by Daniel Schnitzer
Within weeks of the earthquake that devastated Haiti on January 12th, 2010, reports of violence against women in Port-au-Prince’s internally displaced camps emerged. EarthSpark immediately focused its efforts to increase public safety in less secure areas by distributing solar lamps. We targeted this distribution to women, who are most vulnerable at night when they walk through the unlit camps to latrines or washing areas.
Nearly two years later, EarthSpark and its partners have distributed over 8,000 solar lights to women and their families in camps throughout Port-au-Prince and other affected areas. We partnered with the Clinton Global Initiative, Partners in Health, the Ministry of Women’s Affairs, and smaller organizations like KOFAVIV and KONPAY, to distribute lamps to women as individuals and in solidarity groups. Three main distributions of a few thousand lamps each were carried out in April 2010, September 2010 and most recently in December 2011.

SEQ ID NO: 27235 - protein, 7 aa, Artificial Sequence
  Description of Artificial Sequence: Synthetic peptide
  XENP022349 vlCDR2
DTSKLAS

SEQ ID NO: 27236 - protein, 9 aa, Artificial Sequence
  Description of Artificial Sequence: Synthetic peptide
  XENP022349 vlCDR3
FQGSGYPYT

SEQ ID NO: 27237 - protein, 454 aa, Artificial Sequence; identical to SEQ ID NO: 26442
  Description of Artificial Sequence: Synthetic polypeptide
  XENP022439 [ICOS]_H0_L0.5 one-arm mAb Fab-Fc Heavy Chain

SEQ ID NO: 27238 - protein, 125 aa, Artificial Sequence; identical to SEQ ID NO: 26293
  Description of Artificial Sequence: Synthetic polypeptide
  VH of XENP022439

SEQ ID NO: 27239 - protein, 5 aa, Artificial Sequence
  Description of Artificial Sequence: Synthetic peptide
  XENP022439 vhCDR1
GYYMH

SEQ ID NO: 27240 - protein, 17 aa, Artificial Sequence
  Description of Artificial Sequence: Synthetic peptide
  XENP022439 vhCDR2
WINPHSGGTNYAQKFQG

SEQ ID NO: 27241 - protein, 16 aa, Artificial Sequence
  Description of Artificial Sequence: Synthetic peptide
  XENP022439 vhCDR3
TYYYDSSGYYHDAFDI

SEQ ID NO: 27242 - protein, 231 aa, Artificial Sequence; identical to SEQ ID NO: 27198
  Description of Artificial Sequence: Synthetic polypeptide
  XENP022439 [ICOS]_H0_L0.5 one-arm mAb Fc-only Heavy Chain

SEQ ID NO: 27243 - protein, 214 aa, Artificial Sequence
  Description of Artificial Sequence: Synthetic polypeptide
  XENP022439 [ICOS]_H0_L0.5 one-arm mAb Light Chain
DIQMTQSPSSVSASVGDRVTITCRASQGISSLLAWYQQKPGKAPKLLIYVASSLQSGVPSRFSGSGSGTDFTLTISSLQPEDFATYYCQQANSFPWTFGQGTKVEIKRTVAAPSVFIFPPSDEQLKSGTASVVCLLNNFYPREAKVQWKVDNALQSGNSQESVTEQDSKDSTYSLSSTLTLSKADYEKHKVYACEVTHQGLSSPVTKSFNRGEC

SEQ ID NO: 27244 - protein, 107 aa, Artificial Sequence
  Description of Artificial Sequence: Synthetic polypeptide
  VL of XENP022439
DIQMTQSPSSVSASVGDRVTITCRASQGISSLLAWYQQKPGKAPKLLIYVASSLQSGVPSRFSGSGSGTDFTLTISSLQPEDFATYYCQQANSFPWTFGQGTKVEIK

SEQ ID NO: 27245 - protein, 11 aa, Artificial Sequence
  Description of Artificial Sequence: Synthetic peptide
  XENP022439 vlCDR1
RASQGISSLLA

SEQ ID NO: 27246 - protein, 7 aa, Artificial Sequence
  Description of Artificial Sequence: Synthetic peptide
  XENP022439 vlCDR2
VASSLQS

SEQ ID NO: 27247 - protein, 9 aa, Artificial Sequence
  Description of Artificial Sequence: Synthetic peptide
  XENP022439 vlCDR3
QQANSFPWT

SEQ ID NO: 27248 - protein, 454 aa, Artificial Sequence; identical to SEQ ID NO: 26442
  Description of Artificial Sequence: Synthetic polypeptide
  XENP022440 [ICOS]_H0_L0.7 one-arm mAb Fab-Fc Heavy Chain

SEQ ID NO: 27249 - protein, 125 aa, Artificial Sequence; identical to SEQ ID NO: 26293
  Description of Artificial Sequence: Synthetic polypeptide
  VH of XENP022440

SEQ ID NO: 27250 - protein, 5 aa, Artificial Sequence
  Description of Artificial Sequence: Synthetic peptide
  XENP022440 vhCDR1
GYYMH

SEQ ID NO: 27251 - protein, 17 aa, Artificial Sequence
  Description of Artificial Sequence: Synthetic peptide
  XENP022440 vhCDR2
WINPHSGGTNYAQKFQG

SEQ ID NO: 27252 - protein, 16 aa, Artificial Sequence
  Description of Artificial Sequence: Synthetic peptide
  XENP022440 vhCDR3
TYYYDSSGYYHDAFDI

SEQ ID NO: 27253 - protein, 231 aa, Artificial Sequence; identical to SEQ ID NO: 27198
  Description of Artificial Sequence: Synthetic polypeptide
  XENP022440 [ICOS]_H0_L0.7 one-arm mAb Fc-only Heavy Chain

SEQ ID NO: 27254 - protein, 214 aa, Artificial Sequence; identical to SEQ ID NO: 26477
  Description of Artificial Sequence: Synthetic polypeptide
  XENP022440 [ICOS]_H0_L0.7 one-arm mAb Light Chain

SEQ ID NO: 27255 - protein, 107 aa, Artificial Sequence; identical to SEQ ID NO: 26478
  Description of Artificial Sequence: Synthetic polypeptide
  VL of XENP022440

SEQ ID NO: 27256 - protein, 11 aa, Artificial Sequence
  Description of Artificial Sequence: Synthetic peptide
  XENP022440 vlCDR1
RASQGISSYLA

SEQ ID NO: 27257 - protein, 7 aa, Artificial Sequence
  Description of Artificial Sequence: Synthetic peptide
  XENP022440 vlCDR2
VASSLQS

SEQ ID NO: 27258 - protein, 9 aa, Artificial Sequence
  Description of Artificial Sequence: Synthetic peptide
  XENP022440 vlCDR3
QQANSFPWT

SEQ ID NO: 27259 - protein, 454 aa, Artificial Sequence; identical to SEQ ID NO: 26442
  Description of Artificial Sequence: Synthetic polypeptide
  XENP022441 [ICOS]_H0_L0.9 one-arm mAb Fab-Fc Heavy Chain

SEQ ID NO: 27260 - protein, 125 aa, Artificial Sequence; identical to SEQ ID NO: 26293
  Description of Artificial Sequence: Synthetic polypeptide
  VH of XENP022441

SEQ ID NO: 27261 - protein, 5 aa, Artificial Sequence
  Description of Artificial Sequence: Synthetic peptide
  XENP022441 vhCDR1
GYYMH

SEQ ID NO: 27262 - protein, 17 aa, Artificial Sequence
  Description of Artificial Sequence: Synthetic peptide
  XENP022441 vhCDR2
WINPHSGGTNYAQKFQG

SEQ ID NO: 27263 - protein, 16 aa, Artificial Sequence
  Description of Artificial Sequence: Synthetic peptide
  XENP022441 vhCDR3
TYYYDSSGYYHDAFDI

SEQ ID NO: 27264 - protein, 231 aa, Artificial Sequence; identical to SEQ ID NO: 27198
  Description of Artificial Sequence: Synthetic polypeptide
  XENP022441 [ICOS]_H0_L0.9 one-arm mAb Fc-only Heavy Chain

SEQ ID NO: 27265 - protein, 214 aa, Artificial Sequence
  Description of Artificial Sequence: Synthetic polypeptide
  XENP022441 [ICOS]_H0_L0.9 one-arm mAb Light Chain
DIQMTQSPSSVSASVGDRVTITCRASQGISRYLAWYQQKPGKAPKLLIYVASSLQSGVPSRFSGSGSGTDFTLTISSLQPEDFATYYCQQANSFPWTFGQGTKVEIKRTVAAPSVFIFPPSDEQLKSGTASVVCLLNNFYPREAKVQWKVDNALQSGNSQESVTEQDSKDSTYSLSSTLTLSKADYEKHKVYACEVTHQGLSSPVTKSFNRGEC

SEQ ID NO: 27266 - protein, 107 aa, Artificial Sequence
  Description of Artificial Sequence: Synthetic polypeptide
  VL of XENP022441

Thanks to the documentation efforts of Melinda Miles of Let Haiti Live and photographer Evan Abramson, we are pleased to share with you, our supporters, this short video showing the profound effects of a simple solar lamp. We are very grateful to the American Jewish World Service, the Urban Zen Foundation, Asha Jyothi, PACT and Citizen Effect for funding this work.
Last month, working with the United Nations Environment Programme’s local health lead, Ernest Mondésir of EarthSpark International coordinated the distribution of solar lights through Linkin Park’s Power the World campaign. These lights were given to midwives in rural southern Haiti where they often work to deliver babies by only the light of a candle or small kerosene lamp. While there remain many challenges in their work, these small solar lights will at least provide reliable, smoke-free light.